Tuesday, November 22, 2005
But by morning light, nothing more dramatic than a couple of drinks of water had happened, and Sissy the dog was curled up in front of the heater, waiting for her people to wake up.
Sunday, November 20, 2005
It's been a week now since Mary Ann and I threw some clothes into the RV and headed to Amarillo. My father, Gene Melton had suffered a heart attack and weakened kidney function, and it was time for some serious hospital sitting.
It's strange how tasks that normally would be intolerably boring can be handled fairly easily, if there is a real need. I suppose it explains a lot of human activities -- military service, going to work every day, and even parenthood. From the outside, it seems incomprehensible, but when duty calls, at least in my definition, it all works out.
We are finally reaching the point where he is getting to walk a few steps for exercise. I'm needing the exercise as well -- I just finished circling the 400 foot main corridor of this floor for a few minutes. The chairs are comfortable, but the sitting is deadly.
Tuesday, November 08, 2005
With the looming trip approaching, where my laser printer would be unavailaibe. I had only a few days to re-polish all my selling scripts, write the letters, and get the query letters and sample chapters out into the mail. There was quite a bit of writing to do. I find that I need seven different versions of each novel:
Working Outline: I use OmniOutline Pro to compose a detailed outline of what I intend to write. Sometimes this can be up to 25% of the finished length of the novel -- very detailed.
Manuscript: This is the real novel, in manuscript format, just as the editor will read it. Wide margins, Courier 12, one side of the paper, double-spaced, nice headings on each page.
First Reader Copy: I use a macro to reformat a manuscript to a reader-friendly format. Two columns, Times, single-spaced, both sides of the paper, underlines changed to italics. The finished result is comb bound and individually addressed to each First Reader.
Audio Version: I convert the manuscript into audio chapter files which I load into iTunes and play as I review the work.
Synopsis: This is an abbreviated outline, detailing all of the plot, which is part of most submission packages. I try to boil the whole novel down to five or six pages, formatted like the manuscript. This is a very hard job, and one most writers have problems with. How can you do justice to a zillion paged book in just a handful?
Pitch: This is a half-page introduction to the book, used in query letters to editors. I have to tell enough about the story to show how unique and wonderful it is, while not getting bogged down. If a five page synopsis is hard, this is too. You have to leave out characters, major plot points, all kinds of stuff. I try to make sure my query letter all fits on one sheet, and that includes salutation and headings, etc.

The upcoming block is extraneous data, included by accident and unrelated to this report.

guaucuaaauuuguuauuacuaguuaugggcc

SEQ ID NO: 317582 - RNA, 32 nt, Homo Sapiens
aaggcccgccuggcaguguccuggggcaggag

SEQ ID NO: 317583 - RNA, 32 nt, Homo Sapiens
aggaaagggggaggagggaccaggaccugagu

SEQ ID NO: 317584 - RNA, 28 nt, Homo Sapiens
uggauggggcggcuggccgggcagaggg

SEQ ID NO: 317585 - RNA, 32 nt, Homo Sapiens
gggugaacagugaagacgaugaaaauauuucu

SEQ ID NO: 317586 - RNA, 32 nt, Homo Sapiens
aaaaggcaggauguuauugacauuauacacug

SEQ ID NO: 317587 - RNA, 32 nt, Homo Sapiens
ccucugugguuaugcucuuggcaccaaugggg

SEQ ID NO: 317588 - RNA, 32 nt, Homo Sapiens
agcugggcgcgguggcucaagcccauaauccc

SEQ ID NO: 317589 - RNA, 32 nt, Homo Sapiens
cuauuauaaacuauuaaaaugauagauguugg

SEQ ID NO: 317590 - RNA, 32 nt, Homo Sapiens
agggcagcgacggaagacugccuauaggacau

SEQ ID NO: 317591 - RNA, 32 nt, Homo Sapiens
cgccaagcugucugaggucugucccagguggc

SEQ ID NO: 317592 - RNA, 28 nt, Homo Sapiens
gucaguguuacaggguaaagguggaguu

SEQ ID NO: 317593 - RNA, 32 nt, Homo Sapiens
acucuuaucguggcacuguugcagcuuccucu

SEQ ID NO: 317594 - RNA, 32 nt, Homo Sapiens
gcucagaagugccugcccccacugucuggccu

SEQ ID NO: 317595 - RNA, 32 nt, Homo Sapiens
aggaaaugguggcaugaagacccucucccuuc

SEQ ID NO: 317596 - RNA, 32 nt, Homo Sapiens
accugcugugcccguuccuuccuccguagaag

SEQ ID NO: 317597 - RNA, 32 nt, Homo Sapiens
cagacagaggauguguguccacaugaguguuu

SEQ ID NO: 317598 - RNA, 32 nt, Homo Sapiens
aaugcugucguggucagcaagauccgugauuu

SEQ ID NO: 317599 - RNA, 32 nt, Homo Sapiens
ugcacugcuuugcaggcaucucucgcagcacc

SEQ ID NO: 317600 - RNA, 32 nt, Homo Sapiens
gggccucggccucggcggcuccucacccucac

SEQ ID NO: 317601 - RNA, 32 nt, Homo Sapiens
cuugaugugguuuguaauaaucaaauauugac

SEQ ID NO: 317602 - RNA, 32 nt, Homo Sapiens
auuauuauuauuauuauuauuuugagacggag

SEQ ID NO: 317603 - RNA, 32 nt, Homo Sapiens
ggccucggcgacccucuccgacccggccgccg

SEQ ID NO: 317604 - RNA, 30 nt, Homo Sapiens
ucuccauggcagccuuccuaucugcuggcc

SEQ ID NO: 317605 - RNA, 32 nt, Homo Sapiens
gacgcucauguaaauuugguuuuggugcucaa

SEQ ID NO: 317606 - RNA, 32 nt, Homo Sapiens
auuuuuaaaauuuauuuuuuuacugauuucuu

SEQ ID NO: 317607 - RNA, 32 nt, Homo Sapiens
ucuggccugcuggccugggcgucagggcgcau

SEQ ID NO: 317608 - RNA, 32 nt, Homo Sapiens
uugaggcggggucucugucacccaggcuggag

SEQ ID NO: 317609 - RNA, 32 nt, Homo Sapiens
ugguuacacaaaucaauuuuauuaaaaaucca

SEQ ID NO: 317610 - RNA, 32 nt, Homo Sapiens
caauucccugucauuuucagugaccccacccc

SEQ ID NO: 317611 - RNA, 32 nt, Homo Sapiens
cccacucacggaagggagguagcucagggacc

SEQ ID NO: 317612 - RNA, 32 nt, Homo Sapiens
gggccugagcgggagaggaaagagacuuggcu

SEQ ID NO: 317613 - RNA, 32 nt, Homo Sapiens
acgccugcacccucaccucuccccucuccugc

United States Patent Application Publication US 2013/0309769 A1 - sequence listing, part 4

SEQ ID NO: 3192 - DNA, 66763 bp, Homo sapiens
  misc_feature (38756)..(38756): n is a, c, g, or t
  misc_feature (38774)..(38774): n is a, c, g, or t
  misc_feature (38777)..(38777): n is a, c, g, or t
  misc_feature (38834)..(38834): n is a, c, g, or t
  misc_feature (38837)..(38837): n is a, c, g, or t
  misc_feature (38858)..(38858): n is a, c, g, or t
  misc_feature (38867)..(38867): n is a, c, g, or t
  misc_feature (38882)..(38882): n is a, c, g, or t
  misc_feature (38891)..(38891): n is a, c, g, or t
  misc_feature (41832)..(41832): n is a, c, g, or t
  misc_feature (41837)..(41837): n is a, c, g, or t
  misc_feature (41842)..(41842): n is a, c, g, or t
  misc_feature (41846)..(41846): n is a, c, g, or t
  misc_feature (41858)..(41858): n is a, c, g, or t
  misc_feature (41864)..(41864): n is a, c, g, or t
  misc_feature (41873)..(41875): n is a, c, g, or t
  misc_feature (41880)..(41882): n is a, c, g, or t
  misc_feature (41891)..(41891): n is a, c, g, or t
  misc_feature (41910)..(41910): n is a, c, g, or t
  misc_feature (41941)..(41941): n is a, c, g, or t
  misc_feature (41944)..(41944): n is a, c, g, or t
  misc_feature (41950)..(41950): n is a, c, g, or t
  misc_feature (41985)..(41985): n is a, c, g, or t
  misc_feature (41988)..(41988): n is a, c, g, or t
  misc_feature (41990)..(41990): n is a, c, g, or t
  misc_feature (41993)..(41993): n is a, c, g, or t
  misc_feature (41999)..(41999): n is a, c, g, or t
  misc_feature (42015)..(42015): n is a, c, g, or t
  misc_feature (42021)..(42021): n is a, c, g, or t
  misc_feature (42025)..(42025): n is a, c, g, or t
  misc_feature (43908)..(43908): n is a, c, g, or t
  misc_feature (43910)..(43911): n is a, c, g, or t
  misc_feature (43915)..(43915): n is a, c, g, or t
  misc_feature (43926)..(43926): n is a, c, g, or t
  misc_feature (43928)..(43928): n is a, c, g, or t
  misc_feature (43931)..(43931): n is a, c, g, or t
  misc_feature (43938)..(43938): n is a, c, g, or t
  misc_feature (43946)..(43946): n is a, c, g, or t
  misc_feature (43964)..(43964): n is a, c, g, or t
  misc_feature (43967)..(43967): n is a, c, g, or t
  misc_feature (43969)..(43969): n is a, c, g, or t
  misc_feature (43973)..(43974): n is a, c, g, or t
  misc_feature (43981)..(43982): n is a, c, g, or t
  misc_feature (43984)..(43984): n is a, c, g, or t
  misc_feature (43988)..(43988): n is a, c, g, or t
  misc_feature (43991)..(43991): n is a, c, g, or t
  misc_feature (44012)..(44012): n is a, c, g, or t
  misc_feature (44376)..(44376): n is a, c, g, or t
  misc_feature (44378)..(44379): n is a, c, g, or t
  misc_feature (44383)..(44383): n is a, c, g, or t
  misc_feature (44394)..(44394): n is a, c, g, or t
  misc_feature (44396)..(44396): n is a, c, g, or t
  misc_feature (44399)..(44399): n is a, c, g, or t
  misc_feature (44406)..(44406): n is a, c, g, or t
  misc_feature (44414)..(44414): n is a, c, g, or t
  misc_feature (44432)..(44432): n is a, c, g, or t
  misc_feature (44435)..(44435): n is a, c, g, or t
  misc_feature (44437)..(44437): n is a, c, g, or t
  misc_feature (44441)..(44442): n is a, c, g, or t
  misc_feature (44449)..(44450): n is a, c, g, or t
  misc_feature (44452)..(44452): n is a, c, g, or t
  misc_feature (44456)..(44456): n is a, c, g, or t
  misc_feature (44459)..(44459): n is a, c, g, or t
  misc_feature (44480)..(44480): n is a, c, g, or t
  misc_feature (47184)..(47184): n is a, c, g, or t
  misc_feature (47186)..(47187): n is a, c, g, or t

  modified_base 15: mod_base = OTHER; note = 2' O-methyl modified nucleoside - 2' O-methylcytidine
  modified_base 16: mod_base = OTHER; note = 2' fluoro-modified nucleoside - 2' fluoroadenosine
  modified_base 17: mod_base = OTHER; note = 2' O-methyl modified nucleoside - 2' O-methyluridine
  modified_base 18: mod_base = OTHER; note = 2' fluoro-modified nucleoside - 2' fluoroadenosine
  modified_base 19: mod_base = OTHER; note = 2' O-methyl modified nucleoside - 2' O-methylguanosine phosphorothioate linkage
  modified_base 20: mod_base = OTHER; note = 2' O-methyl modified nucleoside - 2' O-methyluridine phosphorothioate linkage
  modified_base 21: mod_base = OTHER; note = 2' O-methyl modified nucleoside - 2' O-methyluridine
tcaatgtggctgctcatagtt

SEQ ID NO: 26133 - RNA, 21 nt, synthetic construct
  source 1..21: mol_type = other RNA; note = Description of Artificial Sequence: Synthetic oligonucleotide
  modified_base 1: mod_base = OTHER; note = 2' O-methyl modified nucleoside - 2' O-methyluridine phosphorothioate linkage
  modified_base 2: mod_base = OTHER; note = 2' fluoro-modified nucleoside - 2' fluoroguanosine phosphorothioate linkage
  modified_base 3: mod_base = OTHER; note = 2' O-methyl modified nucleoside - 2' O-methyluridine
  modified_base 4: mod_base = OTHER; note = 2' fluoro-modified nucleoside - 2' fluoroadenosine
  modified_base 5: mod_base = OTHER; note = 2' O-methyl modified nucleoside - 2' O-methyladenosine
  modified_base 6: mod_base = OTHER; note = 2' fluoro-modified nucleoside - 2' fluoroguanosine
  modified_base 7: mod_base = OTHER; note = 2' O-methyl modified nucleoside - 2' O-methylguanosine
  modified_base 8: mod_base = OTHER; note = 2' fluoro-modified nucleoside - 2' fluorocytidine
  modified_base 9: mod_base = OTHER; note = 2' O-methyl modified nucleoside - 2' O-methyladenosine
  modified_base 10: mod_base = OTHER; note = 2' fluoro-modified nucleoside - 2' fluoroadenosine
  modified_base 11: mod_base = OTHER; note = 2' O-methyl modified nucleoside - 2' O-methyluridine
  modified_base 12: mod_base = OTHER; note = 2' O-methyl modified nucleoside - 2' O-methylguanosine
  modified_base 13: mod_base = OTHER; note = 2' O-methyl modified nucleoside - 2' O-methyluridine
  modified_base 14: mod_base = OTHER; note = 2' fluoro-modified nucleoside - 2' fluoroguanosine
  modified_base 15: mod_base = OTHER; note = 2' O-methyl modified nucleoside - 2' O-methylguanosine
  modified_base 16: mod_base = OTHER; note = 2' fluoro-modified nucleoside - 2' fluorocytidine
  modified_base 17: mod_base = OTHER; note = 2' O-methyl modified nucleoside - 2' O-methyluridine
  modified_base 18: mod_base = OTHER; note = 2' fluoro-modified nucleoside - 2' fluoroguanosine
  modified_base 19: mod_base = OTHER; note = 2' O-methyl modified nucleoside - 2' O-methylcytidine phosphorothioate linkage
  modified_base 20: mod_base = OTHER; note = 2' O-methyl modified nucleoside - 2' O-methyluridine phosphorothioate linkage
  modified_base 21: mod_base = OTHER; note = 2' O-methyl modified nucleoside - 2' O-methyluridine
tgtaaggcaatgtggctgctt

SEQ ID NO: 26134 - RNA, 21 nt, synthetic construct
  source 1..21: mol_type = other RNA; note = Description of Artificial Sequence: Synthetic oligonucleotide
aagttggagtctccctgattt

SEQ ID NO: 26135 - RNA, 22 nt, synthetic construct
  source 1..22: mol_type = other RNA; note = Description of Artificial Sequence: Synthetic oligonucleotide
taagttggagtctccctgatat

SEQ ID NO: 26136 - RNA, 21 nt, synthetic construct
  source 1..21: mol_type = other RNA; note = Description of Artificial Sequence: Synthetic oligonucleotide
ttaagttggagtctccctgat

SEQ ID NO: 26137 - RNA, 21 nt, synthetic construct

Hook: Write one sentence that captures a reader's interest. You see these all the time on the book covers. The idea here is that you have just seconds before your target's attention moves on to something else. Long before a book sits on the store shelf, it will have to be sold to editors, editorial boards, sales representatives and booksellers. Few if any of them will have read the whole book before hand. Your hook may just make the difference.
So, having polished up my synopsis, pitch and hook for each of my unpublished novels, I reviewed my market lists and composed the necessary query letters and submission packages. My laser printer churned away and on Saturday, I finally had a stack of submissions to be mailed. Off they went, and now I have more waiting to do.
Mary Ann wanted to leave for Lost Maples early Monday, but I was totally surprised when we actually drove out the driveway at 9:45 in the morning. That has to be some kind of a record.
Friday, November 04, 2005
So, finding my copyrighted story "The Christmas Count" which was part of the anthology Christmas Stars, I immediately attempted to see how much was being shown. At first, all I could see were things like the table of contents, but hitting the "More results from this book" link, I found seven full pages (out of the eleven page story) and one partial page. This is certainly more than the 20% advertised, but chopped up like it was, it would be impossible to fully read and understand the story.
I await more evidence before I can make up my mind on this issue. The search engine approach to paper publishing is far too valuable to be blocked out of hand, but it's going to take some serious work to find the fair approach for all concerned. There's the old saying, "You can't grep dead trees." But it looks like that's all changing now.